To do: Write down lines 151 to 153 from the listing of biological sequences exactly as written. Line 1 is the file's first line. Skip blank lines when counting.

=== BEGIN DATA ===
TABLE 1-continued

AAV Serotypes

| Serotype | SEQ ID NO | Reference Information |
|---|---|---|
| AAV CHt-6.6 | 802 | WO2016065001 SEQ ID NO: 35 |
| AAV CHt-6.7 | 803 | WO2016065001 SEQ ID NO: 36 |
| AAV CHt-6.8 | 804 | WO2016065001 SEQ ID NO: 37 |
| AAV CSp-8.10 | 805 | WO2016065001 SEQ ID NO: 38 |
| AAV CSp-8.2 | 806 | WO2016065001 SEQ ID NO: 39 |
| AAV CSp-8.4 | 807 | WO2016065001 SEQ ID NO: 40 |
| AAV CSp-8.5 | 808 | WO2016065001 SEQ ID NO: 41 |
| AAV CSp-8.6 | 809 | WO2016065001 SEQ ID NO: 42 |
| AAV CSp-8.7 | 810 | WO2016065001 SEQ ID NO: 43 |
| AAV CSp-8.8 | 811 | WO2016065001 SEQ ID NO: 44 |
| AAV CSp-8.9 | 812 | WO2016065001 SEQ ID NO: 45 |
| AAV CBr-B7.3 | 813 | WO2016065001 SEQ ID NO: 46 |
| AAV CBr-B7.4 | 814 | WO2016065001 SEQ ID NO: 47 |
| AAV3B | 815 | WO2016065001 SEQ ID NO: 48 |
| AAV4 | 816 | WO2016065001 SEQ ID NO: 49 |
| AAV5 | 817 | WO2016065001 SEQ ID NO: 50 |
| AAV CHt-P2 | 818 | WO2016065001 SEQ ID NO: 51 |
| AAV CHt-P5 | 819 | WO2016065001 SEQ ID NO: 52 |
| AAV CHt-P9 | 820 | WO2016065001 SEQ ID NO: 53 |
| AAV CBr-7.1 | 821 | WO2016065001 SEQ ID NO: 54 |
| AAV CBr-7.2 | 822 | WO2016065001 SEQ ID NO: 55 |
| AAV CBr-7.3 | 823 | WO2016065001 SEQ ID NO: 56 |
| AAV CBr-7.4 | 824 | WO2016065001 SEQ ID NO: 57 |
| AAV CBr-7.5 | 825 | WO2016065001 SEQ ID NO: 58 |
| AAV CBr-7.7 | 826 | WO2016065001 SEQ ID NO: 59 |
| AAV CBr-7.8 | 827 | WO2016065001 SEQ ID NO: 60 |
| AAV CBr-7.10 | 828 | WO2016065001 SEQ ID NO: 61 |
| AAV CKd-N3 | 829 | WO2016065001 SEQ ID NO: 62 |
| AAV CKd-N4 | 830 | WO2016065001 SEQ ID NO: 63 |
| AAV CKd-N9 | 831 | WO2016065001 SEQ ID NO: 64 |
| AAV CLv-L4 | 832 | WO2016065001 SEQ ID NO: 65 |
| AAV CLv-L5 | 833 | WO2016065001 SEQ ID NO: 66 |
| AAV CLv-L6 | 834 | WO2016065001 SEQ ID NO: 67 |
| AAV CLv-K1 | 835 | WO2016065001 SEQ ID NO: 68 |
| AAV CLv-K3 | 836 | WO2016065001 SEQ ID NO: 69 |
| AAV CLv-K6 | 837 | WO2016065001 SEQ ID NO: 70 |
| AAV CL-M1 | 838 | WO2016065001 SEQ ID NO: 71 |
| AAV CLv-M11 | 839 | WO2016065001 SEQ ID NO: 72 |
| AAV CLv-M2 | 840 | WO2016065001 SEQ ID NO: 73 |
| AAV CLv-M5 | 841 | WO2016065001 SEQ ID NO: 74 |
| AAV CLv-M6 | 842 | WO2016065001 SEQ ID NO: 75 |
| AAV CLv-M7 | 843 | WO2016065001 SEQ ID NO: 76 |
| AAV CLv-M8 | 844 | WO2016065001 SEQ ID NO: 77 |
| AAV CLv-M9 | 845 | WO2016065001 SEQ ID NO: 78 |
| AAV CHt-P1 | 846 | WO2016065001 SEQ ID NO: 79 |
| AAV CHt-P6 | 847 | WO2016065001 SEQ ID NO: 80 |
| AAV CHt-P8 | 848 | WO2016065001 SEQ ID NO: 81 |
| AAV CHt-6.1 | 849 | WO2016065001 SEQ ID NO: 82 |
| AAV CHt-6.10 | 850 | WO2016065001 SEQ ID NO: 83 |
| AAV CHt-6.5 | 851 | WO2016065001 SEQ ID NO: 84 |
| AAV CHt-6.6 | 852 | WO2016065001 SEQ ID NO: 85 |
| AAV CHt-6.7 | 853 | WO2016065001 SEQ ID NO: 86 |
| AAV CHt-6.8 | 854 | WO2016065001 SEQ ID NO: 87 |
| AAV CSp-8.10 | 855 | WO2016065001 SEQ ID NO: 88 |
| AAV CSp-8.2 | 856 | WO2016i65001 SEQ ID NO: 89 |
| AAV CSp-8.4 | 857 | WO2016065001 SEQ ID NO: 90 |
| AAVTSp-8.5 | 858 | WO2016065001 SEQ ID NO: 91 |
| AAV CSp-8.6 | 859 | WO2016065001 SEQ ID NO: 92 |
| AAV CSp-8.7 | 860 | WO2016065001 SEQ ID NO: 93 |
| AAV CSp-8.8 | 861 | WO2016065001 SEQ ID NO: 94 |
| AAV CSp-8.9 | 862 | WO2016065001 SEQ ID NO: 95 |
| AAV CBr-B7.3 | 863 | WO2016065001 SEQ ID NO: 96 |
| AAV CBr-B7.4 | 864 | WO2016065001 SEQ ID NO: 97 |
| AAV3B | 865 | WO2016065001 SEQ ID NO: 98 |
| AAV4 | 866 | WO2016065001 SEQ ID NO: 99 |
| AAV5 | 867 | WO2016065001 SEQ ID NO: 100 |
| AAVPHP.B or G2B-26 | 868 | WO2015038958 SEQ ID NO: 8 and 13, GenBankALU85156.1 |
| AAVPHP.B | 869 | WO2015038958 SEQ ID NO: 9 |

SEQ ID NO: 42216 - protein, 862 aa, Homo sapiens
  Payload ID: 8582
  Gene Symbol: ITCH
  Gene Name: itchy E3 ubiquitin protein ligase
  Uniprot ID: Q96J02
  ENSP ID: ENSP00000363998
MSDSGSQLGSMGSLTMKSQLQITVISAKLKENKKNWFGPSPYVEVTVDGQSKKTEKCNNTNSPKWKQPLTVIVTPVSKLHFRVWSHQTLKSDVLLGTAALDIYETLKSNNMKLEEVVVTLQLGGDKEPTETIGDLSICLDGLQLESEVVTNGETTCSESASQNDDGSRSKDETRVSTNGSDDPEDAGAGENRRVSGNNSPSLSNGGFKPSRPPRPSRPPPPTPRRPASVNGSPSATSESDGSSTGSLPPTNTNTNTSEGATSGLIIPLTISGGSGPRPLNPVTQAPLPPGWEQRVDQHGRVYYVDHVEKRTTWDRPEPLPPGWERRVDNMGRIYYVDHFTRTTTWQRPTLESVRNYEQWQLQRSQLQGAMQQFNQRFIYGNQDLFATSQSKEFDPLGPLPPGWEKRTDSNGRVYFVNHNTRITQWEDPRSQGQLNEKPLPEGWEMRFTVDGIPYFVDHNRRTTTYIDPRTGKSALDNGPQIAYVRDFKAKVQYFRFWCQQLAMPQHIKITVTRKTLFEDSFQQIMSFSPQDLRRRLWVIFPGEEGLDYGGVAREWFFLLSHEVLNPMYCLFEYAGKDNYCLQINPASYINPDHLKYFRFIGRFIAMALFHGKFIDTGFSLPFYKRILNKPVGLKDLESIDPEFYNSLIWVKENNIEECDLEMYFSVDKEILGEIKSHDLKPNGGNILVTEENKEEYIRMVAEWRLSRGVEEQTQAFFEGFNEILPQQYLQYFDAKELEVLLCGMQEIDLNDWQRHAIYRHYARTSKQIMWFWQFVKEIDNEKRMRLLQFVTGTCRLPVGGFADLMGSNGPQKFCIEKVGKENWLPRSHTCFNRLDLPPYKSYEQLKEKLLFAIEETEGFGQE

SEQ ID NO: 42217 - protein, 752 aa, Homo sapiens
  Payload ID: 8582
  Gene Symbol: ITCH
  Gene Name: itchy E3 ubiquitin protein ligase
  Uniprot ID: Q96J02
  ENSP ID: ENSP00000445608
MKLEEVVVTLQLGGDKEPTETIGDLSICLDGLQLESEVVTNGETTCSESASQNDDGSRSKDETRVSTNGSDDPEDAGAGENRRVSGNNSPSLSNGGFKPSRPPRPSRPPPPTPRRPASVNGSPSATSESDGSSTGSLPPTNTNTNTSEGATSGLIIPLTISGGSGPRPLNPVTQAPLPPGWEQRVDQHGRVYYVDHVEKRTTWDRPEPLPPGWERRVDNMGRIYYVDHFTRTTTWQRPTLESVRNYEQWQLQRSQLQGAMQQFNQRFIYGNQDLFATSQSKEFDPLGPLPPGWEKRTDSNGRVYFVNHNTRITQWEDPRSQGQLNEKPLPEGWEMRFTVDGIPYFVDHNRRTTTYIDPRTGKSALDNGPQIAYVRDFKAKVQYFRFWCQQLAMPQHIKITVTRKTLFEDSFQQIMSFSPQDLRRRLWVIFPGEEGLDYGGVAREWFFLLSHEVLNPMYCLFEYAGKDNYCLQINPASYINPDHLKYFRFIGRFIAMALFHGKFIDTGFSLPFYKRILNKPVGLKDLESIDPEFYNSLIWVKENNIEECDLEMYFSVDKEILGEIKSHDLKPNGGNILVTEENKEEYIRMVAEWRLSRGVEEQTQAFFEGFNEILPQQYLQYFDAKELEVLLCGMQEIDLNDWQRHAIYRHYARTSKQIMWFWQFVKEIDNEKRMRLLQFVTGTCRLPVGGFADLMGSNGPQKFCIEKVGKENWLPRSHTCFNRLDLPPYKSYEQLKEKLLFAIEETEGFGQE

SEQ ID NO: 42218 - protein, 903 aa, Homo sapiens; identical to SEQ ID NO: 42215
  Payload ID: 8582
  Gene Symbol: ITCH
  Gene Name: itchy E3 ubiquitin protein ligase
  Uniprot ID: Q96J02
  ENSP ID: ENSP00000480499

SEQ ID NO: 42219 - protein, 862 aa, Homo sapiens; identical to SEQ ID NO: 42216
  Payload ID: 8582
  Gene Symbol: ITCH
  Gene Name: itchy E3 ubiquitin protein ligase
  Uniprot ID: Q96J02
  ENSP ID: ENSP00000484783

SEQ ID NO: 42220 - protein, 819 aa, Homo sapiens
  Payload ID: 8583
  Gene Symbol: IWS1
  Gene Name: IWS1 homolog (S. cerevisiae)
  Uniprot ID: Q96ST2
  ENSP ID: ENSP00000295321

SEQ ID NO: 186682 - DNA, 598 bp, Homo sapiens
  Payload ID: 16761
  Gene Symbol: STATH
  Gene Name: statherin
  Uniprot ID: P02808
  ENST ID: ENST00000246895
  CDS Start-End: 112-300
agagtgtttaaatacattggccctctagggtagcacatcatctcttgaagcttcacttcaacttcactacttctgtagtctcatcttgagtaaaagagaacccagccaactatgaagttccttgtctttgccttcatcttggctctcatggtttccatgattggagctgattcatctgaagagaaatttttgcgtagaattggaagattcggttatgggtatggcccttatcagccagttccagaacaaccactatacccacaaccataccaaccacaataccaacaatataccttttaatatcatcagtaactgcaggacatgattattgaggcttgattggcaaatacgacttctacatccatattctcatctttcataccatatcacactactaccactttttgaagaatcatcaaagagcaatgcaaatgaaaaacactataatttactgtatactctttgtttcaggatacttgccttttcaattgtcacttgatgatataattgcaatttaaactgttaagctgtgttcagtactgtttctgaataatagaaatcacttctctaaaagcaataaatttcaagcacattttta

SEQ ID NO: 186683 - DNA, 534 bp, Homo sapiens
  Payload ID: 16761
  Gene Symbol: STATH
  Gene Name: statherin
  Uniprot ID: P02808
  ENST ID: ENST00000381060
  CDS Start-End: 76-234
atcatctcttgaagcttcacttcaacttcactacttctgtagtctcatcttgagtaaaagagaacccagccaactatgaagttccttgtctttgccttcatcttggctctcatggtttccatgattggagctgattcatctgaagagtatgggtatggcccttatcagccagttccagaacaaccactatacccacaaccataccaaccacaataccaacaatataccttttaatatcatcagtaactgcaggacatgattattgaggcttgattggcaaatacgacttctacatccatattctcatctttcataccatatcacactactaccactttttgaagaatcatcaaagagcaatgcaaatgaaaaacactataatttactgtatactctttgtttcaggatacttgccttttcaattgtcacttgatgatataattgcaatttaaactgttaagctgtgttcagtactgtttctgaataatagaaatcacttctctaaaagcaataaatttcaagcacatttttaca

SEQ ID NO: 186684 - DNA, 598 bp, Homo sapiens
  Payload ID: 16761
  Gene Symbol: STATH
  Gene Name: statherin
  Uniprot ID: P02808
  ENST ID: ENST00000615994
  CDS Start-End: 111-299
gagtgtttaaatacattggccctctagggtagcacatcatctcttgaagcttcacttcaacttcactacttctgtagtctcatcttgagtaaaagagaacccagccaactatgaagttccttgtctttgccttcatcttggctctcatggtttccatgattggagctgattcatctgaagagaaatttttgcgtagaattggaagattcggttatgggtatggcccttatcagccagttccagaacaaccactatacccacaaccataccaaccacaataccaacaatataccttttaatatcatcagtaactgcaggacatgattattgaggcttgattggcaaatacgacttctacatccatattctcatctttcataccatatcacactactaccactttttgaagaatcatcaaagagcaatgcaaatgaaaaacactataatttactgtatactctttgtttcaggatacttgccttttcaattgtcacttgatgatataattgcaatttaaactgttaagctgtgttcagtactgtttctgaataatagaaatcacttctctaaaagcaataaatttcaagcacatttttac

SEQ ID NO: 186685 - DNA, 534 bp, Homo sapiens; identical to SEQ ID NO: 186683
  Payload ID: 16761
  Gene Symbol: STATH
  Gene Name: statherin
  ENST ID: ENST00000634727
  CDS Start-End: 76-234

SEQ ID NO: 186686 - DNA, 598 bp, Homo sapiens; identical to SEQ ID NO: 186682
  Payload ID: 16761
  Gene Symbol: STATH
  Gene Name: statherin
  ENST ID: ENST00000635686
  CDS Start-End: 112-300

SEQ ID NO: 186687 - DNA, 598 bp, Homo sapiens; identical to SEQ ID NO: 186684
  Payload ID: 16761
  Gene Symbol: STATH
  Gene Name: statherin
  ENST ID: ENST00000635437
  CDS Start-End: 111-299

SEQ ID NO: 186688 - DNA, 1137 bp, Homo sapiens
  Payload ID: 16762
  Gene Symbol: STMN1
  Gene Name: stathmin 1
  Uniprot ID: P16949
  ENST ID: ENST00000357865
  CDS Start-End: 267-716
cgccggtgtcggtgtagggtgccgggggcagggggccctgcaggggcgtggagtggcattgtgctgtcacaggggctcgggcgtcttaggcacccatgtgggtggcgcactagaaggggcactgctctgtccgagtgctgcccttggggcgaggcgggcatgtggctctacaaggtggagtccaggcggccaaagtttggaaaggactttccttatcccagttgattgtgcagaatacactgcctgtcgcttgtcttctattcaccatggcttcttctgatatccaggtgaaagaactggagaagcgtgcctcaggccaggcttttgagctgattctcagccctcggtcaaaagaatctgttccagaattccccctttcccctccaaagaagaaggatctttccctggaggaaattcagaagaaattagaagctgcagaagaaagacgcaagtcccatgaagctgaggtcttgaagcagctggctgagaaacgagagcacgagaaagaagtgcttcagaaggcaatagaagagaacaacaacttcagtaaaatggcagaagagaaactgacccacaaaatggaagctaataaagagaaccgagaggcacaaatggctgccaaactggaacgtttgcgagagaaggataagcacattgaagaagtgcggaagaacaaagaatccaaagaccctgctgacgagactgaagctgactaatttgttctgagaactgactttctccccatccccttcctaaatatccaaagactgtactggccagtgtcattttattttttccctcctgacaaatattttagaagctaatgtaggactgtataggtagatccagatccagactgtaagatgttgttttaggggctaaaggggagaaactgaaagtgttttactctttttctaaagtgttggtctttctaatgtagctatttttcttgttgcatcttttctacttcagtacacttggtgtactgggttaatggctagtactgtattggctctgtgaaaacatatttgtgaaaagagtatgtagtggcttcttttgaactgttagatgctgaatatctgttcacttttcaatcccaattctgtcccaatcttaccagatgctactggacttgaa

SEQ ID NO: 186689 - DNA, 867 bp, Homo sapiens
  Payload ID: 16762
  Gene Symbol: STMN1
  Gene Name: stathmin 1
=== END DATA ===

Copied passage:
  Uniprot ID: P16949
  ENST ID: ENST00000357865
  CDS Start-End: 267-716